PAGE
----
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Stimulating Games to Play with People With Dementia

Mar 23, 2016 3:42:50 PM

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People with dementia need mental stimulation to stay alert and engaged. But finding games that keep people with cognitive decline absorbed and entertained can be challenging.

Complex games like Monopoly, which require players to mentally track multiple pieces of information and make quick decisions, can be frustrating.

What Games are Appropriate for People with Dementia?

The key to finding games to play with people with dementia is to choose simple, task-oriented formats that utilize multiple levels of cognition, like color and shape matching or the physical manipulation of game pieces.

So what games should you have on hand to play with your loved one or to share with your companion caregiver?

Bingo!

It’s no surprise that Bingo! is a regular favorite in retirement communities across the country. But you might be surprised to learn that the senior-center staple has real cognitive benefits! Playing Bingo has actually been shown to enhance cognitive performance, even hours after playing, according to a study published in the American Journal of Alzheimer’s Disease & Other Dementias.

Want to play at home? You don’t have to stick to the traditional letter/number format. You can play Bingo! with any sets of corresponding symbols; from body parts to favorite foods.

Matching Games

Matching games like Dominoes or Qwirkie are great games to play with people with dementia because the “rules” are generally simple to remember and because gameplay can be modified based on individual cognition levels.

Some dementia patients may find Qwirkie particularly enjoyable because, with its brightly colored shapes and smooth black tiles, it’s not only mentally stimulating but visually stimulating as well. Later stage patients may find the process of creating patterns with colors and shapes more enjoyable and less stressful than “playing to win.”

Jigzaw Puzzles

Puzzles with large pieces are a great option for people with dementia because they require hand-eye coordination and the physical manipulation of the puzzle pieces.

Puzzles are a low-pressure activity that you and your loved one can work on for days or even weeks at a time. Choose neutral imagery like landscapes or animals, rather than anything child-focused.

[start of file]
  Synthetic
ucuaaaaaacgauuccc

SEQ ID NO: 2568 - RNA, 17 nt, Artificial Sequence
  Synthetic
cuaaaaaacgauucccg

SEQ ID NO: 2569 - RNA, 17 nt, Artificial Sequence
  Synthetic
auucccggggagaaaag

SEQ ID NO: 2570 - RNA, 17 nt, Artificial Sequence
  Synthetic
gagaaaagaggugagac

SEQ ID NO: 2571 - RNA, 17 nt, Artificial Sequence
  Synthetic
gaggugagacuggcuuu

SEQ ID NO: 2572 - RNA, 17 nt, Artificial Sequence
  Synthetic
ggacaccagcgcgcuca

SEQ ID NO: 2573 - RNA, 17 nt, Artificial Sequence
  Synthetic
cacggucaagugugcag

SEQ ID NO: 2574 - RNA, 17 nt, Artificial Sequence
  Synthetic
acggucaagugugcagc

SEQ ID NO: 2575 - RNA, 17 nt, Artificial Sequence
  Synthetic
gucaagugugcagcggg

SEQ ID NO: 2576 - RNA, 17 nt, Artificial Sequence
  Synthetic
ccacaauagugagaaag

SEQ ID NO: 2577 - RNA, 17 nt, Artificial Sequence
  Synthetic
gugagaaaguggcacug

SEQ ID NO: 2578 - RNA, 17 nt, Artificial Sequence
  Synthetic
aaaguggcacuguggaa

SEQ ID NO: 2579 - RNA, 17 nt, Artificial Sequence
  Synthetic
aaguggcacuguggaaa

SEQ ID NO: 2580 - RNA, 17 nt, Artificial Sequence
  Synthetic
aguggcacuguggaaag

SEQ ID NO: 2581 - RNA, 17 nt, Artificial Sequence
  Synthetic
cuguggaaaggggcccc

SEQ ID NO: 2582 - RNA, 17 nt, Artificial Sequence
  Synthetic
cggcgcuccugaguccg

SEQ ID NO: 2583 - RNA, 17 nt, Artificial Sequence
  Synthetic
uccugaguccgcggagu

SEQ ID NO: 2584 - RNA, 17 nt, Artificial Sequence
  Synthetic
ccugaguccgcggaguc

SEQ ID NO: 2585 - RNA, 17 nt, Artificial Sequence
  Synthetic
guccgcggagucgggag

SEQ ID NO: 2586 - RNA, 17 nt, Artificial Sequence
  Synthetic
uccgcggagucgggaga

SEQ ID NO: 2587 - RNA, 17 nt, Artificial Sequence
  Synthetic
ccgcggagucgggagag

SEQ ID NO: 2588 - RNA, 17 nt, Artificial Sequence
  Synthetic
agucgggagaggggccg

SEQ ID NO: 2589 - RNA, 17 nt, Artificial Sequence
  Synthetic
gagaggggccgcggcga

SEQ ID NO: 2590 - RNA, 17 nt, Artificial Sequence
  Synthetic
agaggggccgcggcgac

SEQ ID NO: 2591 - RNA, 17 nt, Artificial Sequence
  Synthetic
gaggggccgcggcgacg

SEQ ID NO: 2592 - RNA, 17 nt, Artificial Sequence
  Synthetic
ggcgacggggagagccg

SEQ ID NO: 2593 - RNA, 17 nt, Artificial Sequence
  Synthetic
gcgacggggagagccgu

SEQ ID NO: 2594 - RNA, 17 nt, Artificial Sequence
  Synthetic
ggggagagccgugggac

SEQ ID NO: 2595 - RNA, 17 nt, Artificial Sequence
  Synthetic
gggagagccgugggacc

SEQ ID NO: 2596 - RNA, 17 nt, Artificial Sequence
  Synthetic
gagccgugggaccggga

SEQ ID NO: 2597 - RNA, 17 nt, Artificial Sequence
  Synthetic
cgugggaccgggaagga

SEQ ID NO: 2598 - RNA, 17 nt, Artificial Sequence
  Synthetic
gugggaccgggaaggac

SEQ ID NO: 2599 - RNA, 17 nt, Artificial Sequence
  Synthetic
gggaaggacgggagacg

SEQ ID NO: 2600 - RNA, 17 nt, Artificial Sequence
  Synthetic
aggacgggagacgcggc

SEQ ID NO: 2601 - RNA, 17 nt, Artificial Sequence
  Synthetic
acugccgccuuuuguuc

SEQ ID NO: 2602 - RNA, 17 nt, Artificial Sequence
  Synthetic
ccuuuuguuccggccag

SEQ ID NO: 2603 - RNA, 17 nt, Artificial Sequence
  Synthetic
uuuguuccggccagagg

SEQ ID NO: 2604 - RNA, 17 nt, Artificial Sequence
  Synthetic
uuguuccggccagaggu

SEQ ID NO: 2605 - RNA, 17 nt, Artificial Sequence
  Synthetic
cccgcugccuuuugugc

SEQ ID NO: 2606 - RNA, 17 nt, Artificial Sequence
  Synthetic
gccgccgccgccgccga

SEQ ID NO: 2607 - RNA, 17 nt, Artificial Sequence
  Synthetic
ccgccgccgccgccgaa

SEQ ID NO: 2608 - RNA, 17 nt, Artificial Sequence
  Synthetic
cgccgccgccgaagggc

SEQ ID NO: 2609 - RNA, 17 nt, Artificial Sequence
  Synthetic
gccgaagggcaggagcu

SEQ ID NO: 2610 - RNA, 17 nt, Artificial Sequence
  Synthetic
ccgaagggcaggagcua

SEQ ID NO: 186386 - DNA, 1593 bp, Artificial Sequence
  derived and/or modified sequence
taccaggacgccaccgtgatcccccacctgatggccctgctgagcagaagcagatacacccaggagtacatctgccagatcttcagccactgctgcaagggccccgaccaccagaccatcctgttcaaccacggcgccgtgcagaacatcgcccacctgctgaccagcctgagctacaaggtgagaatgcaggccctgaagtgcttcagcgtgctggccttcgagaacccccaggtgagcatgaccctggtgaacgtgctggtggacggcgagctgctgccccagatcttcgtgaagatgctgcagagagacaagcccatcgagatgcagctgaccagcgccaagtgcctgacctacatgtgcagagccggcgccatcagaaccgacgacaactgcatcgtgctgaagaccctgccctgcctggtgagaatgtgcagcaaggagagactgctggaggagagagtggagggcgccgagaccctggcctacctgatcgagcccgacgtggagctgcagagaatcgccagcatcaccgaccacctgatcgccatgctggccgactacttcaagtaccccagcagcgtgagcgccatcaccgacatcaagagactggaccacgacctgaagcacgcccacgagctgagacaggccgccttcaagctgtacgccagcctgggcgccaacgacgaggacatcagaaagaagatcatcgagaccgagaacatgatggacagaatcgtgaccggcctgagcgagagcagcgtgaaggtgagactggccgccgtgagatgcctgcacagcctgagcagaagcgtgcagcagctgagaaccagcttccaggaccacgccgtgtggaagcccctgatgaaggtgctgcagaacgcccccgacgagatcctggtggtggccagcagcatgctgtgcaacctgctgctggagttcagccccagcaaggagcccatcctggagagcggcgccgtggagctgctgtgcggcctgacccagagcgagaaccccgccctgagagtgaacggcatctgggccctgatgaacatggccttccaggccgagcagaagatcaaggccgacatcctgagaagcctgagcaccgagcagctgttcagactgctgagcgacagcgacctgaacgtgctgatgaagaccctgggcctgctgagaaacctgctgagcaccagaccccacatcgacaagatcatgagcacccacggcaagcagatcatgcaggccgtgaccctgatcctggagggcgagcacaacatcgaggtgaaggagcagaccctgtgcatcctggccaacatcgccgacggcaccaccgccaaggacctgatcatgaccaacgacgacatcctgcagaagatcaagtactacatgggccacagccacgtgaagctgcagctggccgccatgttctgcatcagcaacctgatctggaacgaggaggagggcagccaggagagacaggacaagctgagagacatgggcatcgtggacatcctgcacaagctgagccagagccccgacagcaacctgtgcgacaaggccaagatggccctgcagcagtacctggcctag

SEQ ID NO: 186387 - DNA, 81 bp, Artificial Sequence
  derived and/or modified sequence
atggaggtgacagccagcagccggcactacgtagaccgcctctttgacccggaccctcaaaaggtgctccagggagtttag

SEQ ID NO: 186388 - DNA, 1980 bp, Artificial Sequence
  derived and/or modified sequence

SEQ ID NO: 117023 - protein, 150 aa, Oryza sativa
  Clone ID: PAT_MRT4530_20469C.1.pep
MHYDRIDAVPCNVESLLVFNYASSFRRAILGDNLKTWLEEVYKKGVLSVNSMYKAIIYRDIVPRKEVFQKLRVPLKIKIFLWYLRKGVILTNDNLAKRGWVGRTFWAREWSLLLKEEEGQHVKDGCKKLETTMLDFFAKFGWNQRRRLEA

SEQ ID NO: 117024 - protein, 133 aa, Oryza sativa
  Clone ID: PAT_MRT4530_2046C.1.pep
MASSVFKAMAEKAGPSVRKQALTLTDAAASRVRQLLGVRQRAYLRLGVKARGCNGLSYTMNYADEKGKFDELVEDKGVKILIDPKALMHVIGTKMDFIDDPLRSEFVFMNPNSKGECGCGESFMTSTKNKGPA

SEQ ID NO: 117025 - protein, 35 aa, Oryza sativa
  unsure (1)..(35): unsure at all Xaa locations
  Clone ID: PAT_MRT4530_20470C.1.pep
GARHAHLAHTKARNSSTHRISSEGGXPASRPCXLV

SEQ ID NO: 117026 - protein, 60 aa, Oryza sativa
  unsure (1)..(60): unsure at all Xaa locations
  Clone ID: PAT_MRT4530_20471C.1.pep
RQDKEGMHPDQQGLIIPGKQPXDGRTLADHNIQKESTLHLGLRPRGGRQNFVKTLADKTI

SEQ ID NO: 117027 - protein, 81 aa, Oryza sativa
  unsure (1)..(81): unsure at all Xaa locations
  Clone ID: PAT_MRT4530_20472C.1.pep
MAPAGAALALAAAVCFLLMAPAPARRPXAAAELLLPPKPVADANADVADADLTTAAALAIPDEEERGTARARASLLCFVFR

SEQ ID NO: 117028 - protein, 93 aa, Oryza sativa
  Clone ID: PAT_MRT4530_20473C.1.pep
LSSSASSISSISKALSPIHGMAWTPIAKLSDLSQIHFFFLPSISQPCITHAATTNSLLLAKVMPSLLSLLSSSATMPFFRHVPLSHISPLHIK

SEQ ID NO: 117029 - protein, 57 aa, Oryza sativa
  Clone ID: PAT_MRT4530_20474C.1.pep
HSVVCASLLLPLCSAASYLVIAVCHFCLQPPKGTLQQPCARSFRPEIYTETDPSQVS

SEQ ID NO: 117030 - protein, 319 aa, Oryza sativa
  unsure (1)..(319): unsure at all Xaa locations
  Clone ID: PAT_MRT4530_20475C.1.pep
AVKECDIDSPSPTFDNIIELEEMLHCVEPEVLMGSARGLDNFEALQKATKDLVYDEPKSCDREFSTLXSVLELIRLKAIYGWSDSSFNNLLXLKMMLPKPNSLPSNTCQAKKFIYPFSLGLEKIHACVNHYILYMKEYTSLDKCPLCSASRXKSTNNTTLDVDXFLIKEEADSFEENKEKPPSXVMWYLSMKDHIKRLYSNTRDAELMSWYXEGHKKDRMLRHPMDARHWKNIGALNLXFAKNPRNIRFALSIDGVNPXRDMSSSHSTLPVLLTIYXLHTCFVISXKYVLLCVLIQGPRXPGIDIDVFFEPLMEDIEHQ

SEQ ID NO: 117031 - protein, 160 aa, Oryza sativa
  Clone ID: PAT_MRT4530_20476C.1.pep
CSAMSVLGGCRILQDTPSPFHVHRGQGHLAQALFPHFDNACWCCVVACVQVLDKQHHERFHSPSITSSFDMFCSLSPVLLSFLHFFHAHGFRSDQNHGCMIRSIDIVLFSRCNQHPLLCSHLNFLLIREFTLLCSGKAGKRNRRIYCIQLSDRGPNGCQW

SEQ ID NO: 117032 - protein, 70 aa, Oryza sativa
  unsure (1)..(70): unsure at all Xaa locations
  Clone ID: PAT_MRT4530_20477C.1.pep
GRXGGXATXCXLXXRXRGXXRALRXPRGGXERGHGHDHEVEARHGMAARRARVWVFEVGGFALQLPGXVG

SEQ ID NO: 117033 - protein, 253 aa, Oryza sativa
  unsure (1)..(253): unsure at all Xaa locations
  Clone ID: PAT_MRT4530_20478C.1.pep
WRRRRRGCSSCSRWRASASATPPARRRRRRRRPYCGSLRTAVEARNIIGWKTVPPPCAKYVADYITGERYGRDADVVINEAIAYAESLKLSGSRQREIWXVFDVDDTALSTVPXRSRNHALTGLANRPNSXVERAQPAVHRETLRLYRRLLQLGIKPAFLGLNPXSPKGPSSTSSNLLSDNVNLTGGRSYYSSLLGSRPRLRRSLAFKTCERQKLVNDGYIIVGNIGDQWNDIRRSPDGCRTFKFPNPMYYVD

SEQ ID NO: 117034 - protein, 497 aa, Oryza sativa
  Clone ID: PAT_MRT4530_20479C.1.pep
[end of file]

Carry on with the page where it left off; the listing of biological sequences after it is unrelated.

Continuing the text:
Memory Games

There are two types of memory games: games that test your recall of specific objects (like the memory card games you played as a child) and games that jog memories from a person’s life. The first type of memory game may have benefits for very early stage dementia patients, but could become challenging and ultimately frustrating.

You and your loved one might find the second type of memory game more enjoyable: the kind that tasks patients to converse and recall memories. Some games, like “Thumball Memory Activity Game” and “Shake Loose a Memory” are designed specifically for patients with dementia.

With prompts like “foods I can cook” and “people I admire,” Thumball both jogs memories and facilitates conversation. A toss-and-catch format gives his game the added benefit of enhancing hand-eye coordination.

Shake Loose A Memory works similarly, asking players to collect cards as they recall pleasant memories (like practicing the piano or celebrating weddings).

Word Games

Simple word games like crosswords or word searches can be fun for early stage dementia patients who may still enjoy reading and even writing. Look for large-print crossword collections made especially for seniors.

Find-the-Object/I Spy Games

While the cognitive benefits of social interaction can’t be overstated, sometimes dementia patients want to play games or do activities alone. Find-the-object style games work well for this, and can have a calming and focusing effect on players.

The premise is a finding several hidden objects within a clear box or tube obscured with filler material like rice, beads, or sand. You can find these games pre-made, or you can DIY your own.

Who Said You Have to Play by the Rules?

Patients in the early stages of dementia or cognitive decline might be able to play some games “by the rules.” This can be fun, and can promote a sense of independence, but it’s important to remember that these activities are more about the process than the outcome.

For patients in later stages of cognitive decline or dementia, reframing what it means to “win” frees up game-time to be enjoyable and stimulating without the pressure to accomplish something. The goal of these activities is to help your spouse or loved one feel useful and engaged. So feel free to make your own rules!

 

Topics: Home Care Planning, Alzheimer's and Dementia

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